The terminal ends of the respiratory tract, where external respiration takes effect, called alveoli, are filled by air from the bronchioles during inhalation.

The oxygen is then pumped into the bloodstream through the pulmonary networks surrounding alveoli.

The deoxygenated blood then releases carbon dioxide through the exhalation of capillaries into the alveoli (Leong and Leong 2016).

Diaphragm, which is an organ that supplies muscle for breathing, forms the floor for the thoracic cavity.

This organ controls the physical process that is involved in breathing, including exhalation and inhalation.

The contraction of diaphragm occurs during inhalation. This causes movement to the abdomen cavity.

This allows the volume of the lung and thoracic cavity (Weibel 2015) to rise when deep breathed.

Normal exhalation is characterized by relaxation of the diaphragm and external intercostals muscles. As air is expelled, the thoracic cavity and thoracic cavities decrease.

The physical properties of gaseous exchanging are at the heart of all organ’s functions and structures.

The primary function and purpose of the human respiratory system is to exchange gases, carbon dioxide and oxygen.

There are three major principles involved in the exchange gas (oxygen and CO2) from the outside environment to the lungs. They flow in the bloodstream through ventilation, perfusion, diffusion.

The ventilation mechanism is where air moves within and outside the lungs.

Diffusion, another mechanism, is the spontaneous movement between gas in alveoli and blood in capillaries in the lungs.

The gaseous exchange mechanism where the heart pumps oxygenated air throughout the lungs is also affected by perfusion.

Partial pressure is essential for oxygen exchange between cells and the external environment.

The surface area of the 75-square-metre alveoli and capillaries has 75-square metres.

Similar to internal respiration there is intracellular oxygen that can be used for ATP production and simple diffusion along partial pressure gradients.

The actual blood flow through the pulmonary circulation is called pulmonary perfusion.

Due to its large surface area, and thinness the alveolar-capillary skin facilitates gas exchange at the interface air-blood.

Blood is pumped into the lungs through the right ventricle via the pulmonary artery.

This artery is split into right and left branches that supply blood to both the lungs.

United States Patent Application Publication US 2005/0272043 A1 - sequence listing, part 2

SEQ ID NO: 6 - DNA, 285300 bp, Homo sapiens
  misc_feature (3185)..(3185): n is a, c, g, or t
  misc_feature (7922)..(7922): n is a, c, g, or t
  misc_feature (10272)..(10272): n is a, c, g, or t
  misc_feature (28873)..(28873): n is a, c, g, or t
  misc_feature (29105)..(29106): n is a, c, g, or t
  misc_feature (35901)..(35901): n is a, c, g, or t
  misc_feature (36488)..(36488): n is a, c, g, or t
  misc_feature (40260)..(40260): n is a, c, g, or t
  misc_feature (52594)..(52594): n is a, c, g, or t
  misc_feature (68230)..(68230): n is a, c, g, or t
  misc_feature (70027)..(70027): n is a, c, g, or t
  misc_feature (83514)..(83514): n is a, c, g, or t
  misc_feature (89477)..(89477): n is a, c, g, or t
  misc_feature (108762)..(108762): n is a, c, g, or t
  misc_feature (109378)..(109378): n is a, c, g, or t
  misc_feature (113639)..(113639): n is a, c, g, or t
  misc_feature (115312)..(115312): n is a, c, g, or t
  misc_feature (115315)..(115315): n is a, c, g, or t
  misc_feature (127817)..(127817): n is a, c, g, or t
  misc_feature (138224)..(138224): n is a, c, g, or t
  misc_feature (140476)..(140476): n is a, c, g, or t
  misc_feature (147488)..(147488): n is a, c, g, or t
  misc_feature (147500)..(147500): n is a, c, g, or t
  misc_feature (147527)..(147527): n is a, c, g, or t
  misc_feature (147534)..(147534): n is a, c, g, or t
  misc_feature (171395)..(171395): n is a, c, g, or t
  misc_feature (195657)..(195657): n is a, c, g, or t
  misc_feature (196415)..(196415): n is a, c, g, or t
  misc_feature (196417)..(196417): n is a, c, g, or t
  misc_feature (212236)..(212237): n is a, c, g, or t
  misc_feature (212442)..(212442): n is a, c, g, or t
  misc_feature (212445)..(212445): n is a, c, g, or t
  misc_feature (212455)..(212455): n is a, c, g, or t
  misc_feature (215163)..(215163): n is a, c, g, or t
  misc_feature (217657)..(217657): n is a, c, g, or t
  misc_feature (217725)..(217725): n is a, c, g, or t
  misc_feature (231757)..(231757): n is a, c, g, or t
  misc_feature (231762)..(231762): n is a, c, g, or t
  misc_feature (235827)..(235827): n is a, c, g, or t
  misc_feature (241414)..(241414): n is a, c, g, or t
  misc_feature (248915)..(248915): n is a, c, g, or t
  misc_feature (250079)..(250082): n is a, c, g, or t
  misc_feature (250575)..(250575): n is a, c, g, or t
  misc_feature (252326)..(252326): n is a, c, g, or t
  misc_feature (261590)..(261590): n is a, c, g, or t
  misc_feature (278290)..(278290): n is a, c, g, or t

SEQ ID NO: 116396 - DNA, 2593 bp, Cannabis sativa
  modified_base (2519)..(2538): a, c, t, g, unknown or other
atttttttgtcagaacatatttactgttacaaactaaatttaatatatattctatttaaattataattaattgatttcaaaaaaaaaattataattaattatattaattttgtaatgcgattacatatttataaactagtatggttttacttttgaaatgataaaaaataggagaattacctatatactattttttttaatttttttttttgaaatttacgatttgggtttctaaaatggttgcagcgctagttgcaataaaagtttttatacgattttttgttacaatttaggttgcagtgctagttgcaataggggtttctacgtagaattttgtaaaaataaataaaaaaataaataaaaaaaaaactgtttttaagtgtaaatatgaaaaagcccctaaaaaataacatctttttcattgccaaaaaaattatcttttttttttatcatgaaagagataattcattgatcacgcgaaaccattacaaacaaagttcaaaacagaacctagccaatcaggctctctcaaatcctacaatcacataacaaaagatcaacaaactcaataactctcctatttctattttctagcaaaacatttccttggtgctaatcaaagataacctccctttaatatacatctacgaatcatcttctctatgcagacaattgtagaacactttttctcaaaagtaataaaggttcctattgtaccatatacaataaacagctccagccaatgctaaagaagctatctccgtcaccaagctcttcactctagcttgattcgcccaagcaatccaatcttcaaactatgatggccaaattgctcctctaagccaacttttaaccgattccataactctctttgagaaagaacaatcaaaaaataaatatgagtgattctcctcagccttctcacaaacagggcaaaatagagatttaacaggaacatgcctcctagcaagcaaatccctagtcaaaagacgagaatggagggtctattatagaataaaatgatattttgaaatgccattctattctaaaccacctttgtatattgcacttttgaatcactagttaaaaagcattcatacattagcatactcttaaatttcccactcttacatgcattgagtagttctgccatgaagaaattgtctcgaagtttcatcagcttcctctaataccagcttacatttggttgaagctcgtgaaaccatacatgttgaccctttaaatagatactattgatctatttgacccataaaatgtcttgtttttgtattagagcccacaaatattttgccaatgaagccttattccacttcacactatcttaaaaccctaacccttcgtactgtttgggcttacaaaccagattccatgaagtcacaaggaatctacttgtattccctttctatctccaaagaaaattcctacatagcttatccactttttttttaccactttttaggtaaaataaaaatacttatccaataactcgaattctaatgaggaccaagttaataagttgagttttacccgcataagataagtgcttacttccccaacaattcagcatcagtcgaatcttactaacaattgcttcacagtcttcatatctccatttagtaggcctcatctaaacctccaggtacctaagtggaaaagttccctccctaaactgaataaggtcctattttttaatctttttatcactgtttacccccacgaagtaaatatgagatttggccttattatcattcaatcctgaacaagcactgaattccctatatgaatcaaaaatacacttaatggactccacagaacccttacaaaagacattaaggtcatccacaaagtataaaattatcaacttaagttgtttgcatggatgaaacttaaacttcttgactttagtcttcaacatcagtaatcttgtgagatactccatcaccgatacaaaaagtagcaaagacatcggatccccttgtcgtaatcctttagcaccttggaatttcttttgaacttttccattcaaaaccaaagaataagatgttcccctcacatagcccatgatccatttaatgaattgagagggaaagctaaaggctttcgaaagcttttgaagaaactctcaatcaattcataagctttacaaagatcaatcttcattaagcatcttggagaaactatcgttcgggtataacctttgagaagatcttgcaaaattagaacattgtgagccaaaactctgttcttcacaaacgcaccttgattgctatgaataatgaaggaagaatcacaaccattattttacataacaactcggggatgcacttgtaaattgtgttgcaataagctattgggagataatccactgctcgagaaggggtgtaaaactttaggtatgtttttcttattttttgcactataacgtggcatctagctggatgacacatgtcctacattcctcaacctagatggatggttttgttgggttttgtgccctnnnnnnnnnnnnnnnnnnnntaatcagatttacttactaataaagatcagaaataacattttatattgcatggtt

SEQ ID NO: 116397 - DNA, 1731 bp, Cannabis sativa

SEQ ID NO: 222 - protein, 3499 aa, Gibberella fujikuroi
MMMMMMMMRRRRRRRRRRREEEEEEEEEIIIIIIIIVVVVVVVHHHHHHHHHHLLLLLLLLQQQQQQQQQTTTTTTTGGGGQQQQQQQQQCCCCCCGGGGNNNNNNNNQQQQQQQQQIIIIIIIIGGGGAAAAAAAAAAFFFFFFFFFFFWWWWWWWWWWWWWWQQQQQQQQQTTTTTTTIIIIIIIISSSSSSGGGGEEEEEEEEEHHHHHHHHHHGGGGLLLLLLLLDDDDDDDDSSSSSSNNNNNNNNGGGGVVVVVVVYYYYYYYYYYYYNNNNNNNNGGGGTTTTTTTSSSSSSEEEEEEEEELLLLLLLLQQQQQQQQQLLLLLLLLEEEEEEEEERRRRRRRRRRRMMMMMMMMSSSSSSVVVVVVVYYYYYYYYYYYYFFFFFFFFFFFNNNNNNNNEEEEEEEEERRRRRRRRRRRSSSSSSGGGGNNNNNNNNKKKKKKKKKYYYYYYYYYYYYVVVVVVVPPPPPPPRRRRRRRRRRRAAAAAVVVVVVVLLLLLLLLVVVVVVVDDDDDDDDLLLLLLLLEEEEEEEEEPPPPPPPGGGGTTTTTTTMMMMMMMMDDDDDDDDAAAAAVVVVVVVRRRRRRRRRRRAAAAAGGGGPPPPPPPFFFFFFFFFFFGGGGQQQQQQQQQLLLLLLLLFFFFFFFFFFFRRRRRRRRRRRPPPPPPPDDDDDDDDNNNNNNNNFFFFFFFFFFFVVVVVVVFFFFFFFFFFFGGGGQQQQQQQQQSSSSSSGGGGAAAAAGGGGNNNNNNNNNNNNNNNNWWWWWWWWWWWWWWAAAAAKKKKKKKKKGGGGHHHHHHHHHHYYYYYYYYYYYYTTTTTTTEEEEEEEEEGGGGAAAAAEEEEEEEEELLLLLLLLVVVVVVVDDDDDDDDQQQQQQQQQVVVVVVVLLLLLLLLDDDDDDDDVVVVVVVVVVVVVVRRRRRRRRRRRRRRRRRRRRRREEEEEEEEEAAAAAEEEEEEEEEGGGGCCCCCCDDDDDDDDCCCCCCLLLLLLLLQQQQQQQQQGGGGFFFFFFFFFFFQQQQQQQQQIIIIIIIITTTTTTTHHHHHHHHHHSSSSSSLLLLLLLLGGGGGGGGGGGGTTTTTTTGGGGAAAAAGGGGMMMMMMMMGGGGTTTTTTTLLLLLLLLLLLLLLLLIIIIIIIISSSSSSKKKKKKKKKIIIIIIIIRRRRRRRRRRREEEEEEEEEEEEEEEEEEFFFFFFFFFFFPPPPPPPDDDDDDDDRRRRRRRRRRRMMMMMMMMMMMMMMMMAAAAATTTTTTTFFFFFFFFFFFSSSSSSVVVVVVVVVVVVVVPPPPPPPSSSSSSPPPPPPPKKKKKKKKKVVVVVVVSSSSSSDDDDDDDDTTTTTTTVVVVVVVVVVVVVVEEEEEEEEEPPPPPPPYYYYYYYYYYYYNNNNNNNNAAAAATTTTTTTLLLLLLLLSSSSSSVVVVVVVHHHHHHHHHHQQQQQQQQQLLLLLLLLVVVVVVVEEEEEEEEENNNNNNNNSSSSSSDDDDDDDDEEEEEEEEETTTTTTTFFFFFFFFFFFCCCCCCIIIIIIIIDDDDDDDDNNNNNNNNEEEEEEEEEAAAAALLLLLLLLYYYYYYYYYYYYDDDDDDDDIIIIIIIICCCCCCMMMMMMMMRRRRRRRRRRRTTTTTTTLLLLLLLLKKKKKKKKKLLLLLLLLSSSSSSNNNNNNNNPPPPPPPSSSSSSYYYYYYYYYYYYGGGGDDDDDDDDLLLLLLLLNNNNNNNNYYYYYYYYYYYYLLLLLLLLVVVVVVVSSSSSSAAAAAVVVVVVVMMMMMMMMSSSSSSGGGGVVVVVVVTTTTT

These parts are divided and supply blood to both lungs with 2% blood pumping from right ventricle. However, this blood does not enter the alveolar capillaries.

This blood is known as shunted and it drains into the left-side heart without the involvement of alveolar gaseous Exchange (Gilbert Barness, Spicer, Steffensen (2014)

It can be seen that the lower respiratory tract structure allows for efficient exchange of carbon dioxide and oxygen.

This mechanism describes the physical principles that allow for gaseous exchange to take place in the lower respiratory tract.

Due to diffusion towards a concentration gradient, diffusion occurs in the alveoli of the lungs.

The warm air passes through the traphea, which heats it and filters it down to the trachea before reaching the lungs.

Bronchi function as passageways to transport oxygen rich air through the trachea and into the lungs.

Because lungs are the essential organs that alveoli rely on, they play an important role in gaseous exchange. Here oxygen diffuses into alveoli.

The same happens with carbon dioxide, which is deoxygenated blood. It diffuses from capillaries through diffusion and is expelled by exhalation.

This is how lower respiratory tract facilitates gaseous exchanging efficiently in accordance with the physical principles.

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A Color Atlas of Comparative Pathology of Pulmonary Tuberculosis. p. 31.

Crapo, J.D.

The gas exchange region in the lungs.

Comparative Biology of the Normal Pulmonary (Second Ed.) (pp.

Marie Krogh: One hundred years worth of pulmonary function testing. A perspective on ‘The diffusion gas through the lungs of men’.

The Journal of physiology. 593(2). pp. 351-352.